The name for products released by large corporations (including their release numbers and maturity "beta" label) is an executive decision based on a combination of marketing, legal, regulatory, and other business considerations (e.g. partnerships, contractual agreements).
The older, brick-and-mortar software-in-a-box sales and distribution model would never have been able to sell anything labeled "beta". When software was first released on the Internet, businesses initially continued to "play fair" using Business 1.0 paradigms along with traditional release numbers and "properly" differentiated alpha/beta/production release designations. This was simply because "that's the way it was always done".
But with Business 2.0 paradigm shifts, including the instantaneous distribution of software over the Internet, coupled with speed-to-market issues, businesses were pressured to release software and web services to the public at earlier points in the development cycle.
Another reason for maintaining beta could be due to the fierce competition on the Internet and possible disruptive innovations. For example, Google's search engine strategy killed Yahoo's hierarchical catalog system, and Craigslist disrupted the entire newspaper industry. With the ease of creating entirely new paradigms of user interaction, it's difficult to know if a particular strategy can maintain a competitive advantage for a long time. Google may have been hesitant to pull the beta designation from it's Gmail interface as it watched for a possible "email-killer" paradigm/application. As they continued to make partnerships and cement their Gmail application into the fabric of other Internet systems, Gmail became more and more likely to retain a long-term competitive advantage. But if some other paradigm threatened Gmail, they would have needed to respond quickly with changes that could have been disruptive.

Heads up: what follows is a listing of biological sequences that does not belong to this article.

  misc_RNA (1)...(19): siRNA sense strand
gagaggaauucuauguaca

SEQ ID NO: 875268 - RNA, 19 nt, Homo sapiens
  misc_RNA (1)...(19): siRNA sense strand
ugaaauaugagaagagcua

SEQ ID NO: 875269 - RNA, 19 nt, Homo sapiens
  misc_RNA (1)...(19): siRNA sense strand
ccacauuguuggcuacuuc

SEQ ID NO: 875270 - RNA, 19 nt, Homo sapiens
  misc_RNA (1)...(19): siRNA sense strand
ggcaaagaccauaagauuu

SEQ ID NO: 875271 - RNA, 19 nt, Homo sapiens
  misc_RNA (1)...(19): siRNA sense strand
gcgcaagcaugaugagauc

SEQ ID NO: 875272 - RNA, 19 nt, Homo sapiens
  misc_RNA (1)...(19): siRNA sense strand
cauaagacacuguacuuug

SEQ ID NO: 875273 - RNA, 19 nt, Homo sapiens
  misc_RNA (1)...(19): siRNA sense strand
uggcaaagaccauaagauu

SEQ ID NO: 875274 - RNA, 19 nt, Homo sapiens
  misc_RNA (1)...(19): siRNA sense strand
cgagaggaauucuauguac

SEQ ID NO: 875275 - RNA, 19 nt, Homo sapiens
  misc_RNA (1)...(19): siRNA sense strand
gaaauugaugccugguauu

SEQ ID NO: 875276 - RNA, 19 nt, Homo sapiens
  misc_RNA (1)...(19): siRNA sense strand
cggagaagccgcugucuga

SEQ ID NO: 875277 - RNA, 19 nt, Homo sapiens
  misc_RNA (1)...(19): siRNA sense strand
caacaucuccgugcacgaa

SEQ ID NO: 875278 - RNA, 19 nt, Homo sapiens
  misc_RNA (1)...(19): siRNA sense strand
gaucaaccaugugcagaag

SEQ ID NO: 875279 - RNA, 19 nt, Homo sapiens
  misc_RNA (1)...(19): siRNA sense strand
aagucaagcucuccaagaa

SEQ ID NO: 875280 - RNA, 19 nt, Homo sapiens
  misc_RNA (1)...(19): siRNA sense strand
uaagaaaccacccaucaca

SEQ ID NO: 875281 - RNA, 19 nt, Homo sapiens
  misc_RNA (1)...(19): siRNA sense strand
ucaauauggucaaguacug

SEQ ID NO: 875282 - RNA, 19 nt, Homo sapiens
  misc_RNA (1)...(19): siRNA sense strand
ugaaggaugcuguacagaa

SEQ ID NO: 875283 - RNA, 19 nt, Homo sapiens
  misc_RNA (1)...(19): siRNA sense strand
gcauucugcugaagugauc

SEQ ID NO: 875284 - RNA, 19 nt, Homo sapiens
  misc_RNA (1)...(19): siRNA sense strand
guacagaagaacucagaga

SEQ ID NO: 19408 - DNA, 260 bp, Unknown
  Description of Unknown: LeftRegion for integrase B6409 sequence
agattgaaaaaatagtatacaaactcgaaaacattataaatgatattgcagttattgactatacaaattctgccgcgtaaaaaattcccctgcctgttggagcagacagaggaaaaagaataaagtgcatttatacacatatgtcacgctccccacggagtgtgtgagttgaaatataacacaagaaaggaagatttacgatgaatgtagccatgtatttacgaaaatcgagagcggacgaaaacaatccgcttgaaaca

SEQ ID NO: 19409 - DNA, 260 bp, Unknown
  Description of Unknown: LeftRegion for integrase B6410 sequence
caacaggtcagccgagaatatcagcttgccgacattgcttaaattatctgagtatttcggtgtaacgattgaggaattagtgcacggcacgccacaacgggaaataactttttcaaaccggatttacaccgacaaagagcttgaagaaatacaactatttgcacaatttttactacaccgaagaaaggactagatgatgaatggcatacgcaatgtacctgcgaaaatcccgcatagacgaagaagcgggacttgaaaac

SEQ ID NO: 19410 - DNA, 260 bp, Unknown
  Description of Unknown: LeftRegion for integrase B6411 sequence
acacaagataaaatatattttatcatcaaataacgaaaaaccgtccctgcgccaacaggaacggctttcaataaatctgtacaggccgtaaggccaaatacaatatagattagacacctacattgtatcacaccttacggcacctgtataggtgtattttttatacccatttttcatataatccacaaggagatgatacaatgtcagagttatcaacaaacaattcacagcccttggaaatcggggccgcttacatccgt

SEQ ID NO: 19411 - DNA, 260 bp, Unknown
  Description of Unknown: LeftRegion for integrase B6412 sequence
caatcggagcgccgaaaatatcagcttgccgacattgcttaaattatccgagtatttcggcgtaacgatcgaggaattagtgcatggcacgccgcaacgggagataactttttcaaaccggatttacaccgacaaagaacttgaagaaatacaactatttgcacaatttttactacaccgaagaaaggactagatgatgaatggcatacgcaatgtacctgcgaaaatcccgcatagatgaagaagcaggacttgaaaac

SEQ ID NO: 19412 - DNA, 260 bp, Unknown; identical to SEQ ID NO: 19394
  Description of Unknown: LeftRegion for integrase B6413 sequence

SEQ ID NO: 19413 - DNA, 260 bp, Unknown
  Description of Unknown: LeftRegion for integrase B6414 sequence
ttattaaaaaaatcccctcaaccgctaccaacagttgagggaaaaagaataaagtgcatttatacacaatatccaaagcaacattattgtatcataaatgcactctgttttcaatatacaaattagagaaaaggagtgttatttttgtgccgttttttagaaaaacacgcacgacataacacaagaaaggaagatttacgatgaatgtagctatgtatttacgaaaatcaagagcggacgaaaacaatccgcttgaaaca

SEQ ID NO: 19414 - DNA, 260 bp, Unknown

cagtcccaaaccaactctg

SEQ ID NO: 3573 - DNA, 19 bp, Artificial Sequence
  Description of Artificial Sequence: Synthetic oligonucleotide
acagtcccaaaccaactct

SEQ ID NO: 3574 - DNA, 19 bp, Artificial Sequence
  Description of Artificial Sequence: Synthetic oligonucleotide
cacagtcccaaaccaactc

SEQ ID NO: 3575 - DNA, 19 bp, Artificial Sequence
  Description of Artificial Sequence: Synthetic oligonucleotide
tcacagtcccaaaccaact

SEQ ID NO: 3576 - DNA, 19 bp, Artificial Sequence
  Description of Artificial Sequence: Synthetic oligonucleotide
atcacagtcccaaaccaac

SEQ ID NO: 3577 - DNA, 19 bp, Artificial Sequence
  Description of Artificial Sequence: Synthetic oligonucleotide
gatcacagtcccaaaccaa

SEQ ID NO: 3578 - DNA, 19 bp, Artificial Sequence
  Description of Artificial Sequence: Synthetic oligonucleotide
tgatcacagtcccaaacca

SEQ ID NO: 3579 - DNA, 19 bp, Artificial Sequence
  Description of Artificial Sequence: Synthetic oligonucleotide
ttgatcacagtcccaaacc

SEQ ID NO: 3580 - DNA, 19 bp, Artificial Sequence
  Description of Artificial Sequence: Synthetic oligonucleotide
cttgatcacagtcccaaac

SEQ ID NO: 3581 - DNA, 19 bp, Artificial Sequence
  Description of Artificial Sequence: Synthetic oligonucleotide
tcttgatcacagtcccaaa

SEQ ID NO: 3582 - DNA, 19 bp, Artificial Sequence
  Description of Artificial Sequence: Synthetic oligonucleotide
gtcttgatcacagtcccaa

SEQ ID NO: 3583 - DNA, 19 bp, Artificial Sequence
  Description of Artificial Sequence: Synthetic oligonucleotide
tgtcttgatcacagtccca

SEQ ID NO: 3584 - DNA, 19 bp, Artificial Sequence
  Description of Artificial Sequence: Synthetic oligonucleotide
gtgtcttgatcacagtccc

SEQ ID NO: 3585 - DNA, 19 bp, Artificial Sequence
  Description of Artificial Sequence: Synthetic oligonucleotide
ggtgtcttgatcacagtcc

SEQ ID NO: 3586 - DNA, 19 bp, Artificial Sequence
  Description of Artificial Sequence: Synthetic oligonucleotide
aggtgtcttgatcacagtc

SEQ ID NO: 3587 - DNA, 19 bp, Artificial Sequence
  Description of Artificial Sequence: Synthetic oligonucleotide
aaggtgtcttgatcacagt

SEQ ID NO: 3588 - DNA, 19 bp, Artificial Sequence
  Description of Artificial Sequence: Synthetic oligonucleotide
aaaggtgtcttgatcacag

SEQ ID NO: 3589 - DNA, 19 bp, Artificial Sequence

Google is widely known for releasing products as "beta" and maintaining that designation for many years as the products matured well beyond what would traditionally be considered a "production" release. Other companies are likely following Google's lead for similar reasons.
Note that open-source systems tend to follow a more traditional model:
- Release = Well tested and considered stable.
- Beta = Next release version, fairly stable, but still contains bugs which will be worked out while people test it.
- Latest = Daily build of fixes to Beta or new functionality. Very likely to have bugs in the new functionality or in the bug fixes (bug fixes need to be tested to insure they do in fact fix the bugs and don't introduce some other adverse side effect).
From the perspective of a more traditional for-profit company that is releasing a corporate website, you would need to determine (or ask) how you will track your Software Configuration Management (SCM) as well as your Software Release Cycle. For a larger company, beta (if there is such a thing) could be in-house testing only or may have some limited testing with a few clients. A smaller company might consider beta closer to production. From lower levels, code moves to higher levels with more integration to other systems and databases. Once made "live" it would be considered a "production version" since the pages and code would be moved to production servers which would have corporate policies specific to production code such as 24/7 on call support, policies on who can make changes, when changes can be made, etc.